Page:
treating African-Americans as if they had certain basic
civil rights.  To some extent all these moves were made
against his own basic instincts, but he came to realize
the necessity of them, nevertheless.

> What is missing, however, from Marx's public articles is any kind of
> deep theoretical engagement with slavery as a mode of production, or
> with the question of how the struggle against slavery and for
> socialism was related.

If we want to discuss things at the level of the forces-relations
dialectic, perhaps we can discuss slavery as a set of
relations of production that contributed to the development of
capitalism during the period of primitive accumulation but which
over time had come to act as fetters on further development of
the forces of production, in at least several different respects.

> Since his articles were written for the bourgeois media, this is
> understandable. His letters to Engels in this period have a more
> measured quality. He refers to 'bourgeois' democracy and admits that
> some Northern businessmen are partisans of the Confederacy.

Well presumably the owners of textile mills in the North that
were dependent on Southern cotton were not too happy
about losing access to that essential raw material.
And probably the manufacturers of agricultural implements
that catered to the plantations were not ecstatic either.

> Whatever gaps exist in Marx's writings, they are certainly filled in
> by George Novack and Harry Frankel who try to theorize slavery and
> the struggle against it within the context of the larger struggle
> for socialism in the USA. The Pathfinder collection also includes
> excellent articles on the American Revolution of 1776, the class
> character of the Andrew Jackson administration, populism, the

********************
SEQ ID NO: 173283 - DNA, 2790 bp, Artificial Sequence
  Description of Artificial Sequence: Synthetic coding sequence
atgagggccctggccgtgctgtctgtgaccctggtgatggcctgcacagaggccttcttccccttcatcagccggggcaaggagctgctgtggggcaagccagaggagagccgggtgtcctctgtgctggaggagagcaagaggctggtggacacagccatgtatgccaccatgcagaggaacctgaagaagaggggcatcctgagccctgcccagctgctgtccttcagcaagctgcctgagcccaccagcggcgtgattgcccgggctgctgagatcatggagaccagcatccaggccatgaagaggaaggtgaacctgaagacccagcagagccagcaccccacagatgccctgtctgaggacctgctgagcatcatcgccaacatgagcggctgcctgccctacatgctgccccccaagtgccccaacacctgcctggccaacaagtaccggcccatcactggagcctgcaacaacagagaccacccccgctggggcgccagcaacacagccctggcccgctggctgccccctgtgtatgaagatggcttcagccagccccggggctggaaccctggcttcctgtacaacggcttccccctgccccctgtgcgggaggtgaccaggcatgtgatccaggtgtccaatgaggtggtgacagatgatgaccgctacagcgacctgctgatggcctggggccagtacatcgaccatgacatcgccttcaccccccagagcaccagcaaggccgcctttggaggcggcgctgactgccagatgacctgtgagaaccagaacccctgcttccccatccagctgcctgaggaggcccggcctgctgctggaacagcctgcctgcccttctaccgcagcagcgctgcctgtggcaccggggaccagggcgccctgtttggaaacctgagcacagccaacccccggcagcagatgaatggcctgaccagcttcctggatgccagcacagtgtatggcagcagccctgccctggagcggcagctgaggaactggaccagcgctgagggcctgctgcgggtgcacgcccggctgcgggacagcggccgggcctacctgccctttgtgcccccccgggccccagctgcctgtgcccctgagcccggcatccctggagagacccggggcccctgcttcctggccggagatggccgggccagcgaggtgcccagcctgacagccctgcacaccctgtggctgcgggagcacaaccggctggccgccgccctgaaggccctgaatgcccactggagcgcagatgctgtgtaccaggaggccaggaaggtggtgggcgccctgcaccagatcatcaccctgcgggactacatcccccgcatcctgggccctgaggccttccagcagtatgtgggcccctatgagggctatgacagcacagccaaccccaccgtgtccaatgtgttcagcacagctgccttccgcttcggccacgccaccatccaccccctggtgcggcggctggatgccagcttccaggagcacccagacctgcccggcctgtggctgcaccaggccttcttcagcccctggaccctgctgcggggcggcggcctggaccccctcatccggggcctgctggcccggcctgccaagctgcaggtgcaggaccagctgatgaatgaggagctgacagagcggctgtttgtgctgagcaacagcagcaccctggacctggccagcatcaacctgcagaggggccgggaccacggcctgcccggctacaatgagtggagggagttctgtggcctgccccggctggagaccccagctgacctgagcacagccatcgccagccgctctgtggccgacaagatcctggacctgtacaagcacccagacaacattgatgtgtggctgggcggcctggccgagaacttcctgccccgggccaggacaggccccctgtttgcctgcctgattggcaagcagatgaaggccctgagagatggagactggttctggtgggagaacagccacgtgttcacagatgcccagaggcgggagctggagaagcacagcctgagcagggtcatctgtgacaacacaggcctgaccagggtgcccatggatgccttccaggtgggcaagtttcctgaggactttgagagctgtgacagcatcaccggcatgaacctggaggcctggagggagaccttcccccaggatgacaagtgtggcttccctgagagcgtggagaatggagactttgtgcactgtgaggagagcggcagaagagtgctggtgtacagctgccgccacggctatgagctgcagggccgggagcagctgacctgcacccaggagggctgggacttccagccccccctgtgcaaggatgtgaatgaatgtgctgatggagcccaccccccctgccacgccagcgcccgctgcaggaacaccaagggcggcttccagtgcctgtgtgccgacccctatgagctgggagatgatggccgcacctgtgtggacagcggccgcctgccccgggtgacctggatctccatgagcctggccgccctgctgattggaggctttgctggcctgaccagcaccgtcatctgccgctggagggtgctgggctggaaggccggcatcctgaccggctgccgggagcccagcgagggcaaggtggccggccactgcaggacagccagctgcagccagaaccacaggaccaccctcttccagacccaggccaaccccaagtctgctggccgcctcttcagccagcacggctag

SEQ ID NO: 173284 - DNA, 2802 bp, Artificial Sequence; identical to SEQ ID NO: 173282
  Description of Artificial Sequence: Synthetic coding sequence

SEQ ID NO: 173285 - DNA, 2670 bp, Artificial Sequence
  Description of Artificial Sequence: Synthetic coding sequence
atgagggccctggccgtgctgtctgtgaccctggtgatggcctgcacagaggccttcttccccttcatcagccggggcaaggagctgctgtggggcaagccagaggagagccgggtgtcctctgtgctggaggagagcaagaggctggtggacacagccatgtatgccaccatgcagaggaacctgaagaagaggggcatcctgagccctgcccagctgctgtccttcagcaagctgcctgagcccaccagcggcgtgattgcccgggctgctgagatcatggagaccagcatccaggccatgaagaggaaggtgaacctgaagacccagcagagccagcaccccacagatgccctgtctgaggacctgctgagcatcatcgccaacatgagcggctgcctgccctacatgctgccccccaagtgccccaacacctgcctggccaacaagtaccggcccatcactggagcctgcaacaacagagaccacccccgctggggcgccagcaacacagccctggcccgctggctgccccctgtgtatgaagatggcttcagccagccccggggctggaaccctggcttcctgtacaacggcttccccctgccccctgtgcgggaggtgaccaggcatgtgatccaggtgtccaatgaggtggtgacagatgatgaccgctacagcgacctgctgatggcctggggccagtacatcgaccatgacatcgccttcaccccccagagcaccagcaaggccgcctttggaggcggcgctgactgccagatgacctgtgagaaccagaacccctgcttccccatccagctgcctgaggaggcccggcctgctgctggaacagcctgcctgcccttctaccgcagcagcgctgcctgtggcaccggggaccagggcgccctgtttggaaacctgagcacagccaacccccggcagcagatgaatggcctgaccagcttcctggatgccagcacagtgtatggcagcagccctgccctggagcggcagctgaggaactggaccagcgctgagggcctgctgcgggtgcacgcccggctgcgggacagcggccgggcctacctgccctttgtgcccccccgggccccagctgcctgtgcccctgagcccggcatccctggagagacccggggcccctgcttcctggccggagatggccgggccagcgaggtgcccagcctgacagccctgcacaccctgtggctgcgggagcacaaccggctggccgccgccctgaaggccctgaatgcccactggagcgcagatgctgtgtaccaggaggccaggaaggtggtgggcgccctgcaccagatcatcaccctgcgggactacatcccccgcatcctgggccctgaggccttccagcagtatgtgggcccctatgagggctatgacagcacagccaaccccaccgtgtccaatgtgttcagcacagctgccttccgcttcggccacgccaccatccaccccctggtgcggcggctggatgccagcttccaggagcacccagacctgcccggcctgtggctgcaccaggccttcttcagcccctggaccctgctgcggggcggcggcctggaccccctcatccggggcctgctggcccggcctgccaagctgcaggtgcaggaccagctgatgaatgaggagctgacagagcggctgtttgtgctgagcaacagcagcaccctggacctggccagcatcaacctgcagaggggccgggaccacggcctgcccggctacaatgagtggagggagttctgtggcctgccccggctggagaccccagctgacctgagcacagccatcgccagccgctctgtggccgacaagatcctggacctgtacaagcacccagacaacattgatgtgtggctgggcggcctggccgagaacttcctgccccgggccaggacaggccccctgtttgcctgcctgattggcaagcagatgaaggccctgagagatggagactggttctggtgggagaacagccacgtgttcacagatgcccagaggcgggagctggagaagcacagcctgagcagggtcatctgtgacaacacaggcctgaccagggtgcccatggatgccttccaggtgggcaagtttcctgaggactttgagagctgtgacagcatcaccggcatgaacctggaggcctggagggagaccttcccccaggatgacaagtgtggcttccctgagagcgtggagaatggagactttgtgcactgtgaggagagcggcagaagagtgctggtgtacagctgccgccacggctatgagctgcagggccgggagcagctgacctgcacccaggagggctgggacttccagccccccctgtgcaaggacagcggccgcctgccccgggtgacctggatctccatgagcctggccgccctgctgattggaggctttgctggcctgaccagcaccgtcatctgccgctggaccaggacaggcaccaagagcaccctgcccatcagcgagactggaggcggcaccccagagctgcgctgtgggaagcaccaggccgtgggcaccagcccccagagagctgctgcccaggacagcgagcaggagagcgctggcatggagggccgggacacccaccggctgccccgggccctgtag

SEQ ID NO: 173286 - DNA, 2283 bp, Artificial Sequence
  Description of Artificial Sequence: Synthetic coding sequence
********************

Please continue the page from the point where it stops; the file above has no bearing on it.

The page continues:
> suffrage movement, etc.  Side by side with Howard Zinn's "People's
> History of the United States" and similar books by Herbert Aptheker
> and WEB Dubois, they help to provide an alternative to the standard
> self-glorifying texts most of us read in high school or college.
> As might be expected, Novack and Frankel make the case for a
> "bourgeois-democratic revolution" led by an alliance of temporizing
> politicians like Lincoln who were more interested in preserving the
> Union than in eradicating slavery and Radicals like Thaddeus Stevens
> who expressed the class interests of a rising industrial
> bourgeoisie. At times the identification with a revolutionary
> bourgeoisie leads to some rather unsettling formulations, such as
> George Novack's explanation of the "interlinked stages of the
> bourgeois-democratic revolution in the United States".

Probably they would have been better off in seeing the industrial
bourgeoisie as being pulled in contradictory directions.  On
the one hand, they did have a class interest in a radical
reconstruction of the South along bourgeois democratic,
market capitalist lines, which would have required them
to permit the freedmen a share of political power in
the South.  But the industrial bourgeoisie also had
a class interest in resisting the rise of the working
class a political force in its own right, and to the
extent that the populist Reconstruction governments
in the South came to be seen as contributing to
the development of a class consiousness among
workers, black and white, then that was something
to be opposed.  In other words, the industrial bourgeoise
of the North faced a situation analogous to that faced
by the German bourgeoisie in 1848, and in both
cases, the good burghers fled into the arms of
reaction.  Hence, my question about whether
any of the Forty-eighters living in the US ever
perceived a repitition of history here.